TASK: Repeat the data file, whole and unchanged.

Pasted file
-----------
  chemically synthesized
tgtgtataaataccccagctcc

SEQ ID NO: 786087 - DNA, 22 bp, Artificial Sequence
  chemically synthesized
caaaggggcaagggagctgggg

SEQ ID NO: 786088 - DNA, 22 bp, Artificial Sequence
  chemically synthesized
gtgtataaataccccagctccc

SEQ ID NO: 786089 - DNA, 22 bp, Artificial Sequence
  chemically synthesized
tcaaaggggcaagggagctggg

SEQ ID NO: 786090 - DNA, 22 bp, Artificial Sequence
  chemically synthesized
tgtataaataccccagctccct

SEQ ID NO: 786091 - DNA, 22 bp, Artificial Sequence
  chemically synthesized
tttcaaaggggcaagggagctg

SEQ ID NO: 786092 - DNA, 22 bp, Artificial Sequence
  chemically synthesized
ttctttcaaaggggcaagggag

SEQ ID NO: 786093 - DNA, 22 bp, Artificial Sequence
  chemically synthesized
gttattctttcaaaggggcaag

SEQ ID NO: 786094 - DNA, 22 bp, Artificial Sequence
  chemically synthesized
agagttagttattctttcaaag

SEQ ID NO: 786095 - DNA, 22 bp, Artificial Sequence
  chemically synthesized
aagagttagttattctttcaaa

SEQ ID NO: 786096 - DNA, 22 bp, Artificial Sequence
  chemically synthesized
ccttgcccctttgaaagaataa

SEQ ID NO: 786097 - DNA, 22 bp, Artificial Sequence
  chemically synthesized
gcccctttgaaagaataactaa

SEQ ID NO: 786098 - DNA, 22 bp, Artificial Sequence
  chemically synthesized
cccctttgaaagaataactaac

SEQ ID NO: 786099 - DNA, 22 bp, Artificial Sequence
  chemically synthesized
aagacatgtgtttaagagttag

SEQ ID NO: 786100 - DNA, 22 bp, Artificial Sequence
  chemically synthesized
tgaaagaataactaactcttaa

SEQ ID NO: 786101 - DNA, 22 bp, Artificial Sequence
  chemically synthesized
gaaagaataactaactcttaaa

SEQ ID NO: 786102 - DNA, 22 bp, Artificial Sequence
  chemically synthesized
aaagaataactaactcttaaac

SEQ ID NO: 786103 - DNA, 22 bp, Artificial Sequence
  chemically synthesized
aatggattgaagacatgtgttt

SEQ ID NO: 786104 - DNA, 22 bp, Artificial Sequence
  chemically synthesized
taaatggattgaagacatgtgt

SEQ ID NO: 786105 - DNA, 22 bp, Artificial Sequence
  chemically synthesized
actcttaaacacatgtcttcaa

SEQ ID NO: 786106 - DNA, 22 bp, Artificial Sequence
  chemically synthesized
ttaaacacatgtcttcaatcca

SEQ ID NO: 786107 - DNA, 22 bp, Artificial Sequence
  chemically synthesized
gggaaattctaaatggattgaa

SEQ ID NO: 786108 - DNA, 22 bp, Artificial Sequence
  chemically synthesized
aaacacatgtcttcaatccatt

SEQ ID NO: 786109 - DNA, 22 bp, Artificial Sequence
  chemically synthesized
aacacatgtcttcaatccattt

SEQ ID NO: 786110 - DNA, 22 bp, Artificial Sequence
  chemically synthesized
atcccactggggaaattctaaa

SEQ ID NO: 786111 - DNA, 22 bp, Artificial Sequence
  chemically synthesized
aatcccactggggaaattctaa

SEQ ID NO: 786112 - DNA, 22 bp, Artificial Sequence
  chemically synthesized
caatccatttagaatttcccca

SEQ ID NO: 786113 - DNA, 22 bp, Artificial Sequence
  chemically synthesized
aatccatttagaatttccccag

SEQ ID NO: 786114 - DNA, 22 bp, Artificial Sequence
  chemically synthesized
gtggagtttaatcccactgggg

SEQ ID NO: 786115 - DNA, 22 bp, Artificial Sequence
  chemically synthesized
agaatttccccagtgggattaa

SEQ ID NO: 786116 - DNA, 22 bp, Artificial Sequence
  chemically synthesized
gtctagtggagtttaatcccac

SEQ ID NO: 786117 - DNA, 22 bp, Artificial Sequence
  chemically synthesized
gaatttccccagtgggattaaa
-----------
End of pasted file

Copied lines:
  chemically synthesized
tgtgtataaataccccagctcc

SEQ ID NO: 786087 - DNA, 22 bp, Artificial Sequence
  chemically synthesized
caaaggggcaagggagctgggg

SEQ ID NO: 786088 - DNA, 22 bp, Artificial Sequence
  chemically synthesized
gtgtataaataccccagctccc

SEQ ID NO: 786089 - DNA, 22 bp, Artificial Sequence
  chemically synthesized
tcaaaggggcaagggagctggg

SEQ ID NO: 786090 - DNA, 22 bp, Artificial Sequence
  chemically synthesized
tgtataaataccccagctccct

SEQ ID NO: 786091 - DNA, 22 bp, Artificial Sequence
  chemically synthesized
tttcaaaggggcaagggagctg

SEQ ID NO: 786092 - DNA, 22 bp, Artificial Sequence
  chemically synthesized
ttctttcaaaggggcaagggag

SEQ ID NO: 786093 - DNA, 22 bp, Artificial Sequence
  chemically synthesized
gttattctttcaaaggggcaag

SEQ ID NO: 786094 - DNA, 22 bp, Artificial Sequence
  chemically synthesized
agagttagttattctttcaaag

SEQ ID NO: 786095 - DNA, 22 bp, Artificial Sequence
  chemically synthesized
aagagttagttattctttcaaa

SEQ ID NO: 786096 - DNA, 22 bp, Artificial Sequence
  chemically synthesized
ccttgcccctttgaaagaataa

SEQ ID NO: 786097 - DNA, 22 bp, Artificial Sequence
  chemically synthesized
gcccctttgaaagaataactaa

SEQ ID NO: 786098 - DNA, 22 bp, Artificial Sequence
  chemically synthesized
cccctttgaaagaataactaac

SEQ ID NO: 786099 - DNA, 22 bp, Artificial Sequence
  chemically synthesized
aagacatgtgtttaagagttag

SEQ ID NO: 786100 - DNA, 22 bp, Artificial Sequence
  chemically synthesized
tgaaagaataactaactcttaa

SEQ ID NO: 786101 - DNA, 22 bp, Artificial Sequence
  chemically synthesized
gaaagaataactaactcttaaa

SEQ ID NO: 786102 - DNA, 22 bp, Artificial Sequence
  chemically synthesized
aaagaataactaactcttaaac

SEQ ID NO: 786103 - DNA, 22 bp, Artificial Sequence
  chemically synthesized
aatggattgaagacatgtgttt

SEQ ID NO: 786104 - DNA, 22 bp, Artificial Sequence
  chemically synthesized
taaatggattgaagacatgtgt

SEQ ID NO: 786105 - DNA, 22 bp, Artificial Sequence
  chemically synthesized
actcttaaacacatgtcttcaa

SEQ ID NO: 786106 - DNA, 22 bp, Artificial Sequence
  chemically synthesized
ttaaacacatgtcttcaatcca

SEQ ID NO: 786107 - DNA, 22 bp, Artificial Sequence
  chemically synthesized
gggaaattctaaatggattgaa

SEQ ID NO: 786108 - DNA, 22 bp, Artificial Sequence
  chemically synthesized
aaacacatgtcttcaatccatt

SEQ ID NO: 786109 - DNA, 22 bp, Artificial Sequence
  chemically synthesized
aacacatgtcttcaatccattt

SEQ ID NO: 786110 - DNA, 22 bp, Artificial Sequence
  chemically synthesized
atcccactggggaaattctaaa

SEQ ID NO: 786111 - DNA, 22 bp, Artificial Sequence
  chemically synthesized
aatcccactggggaaattctaa

SEQ ID NO: 786112 - DNA, 22 bp, Artificial Sequence
  chemically synthesized
caatccatttagaatttcccca

SEQ ID NO: 786113 - DNA, 22 bp, Artificial Sequence
  chemically synthesized
aatccatttagaatttccccag

SEQ ID NO: 786114 - DNA, 22 bp, Artificial Sequence
  chemically synthesized
gtggagtttaatcccactgggg

SEQ ID NO: 786115 - DNA, 22 bp, Artificial Sequence
  chemically synthesized
agaatttccccagtgggattaa

SEQ ID NO: 786116 - DNA, 22 bp, Artificial Sequence
  chemically synthesized
gtctagtggagtttaatcccac

SEQ ID NO: 786117 - DNA, 22 bp, Artificial Sequence
  chemically synthesized
gaatttccccagtgggattaaa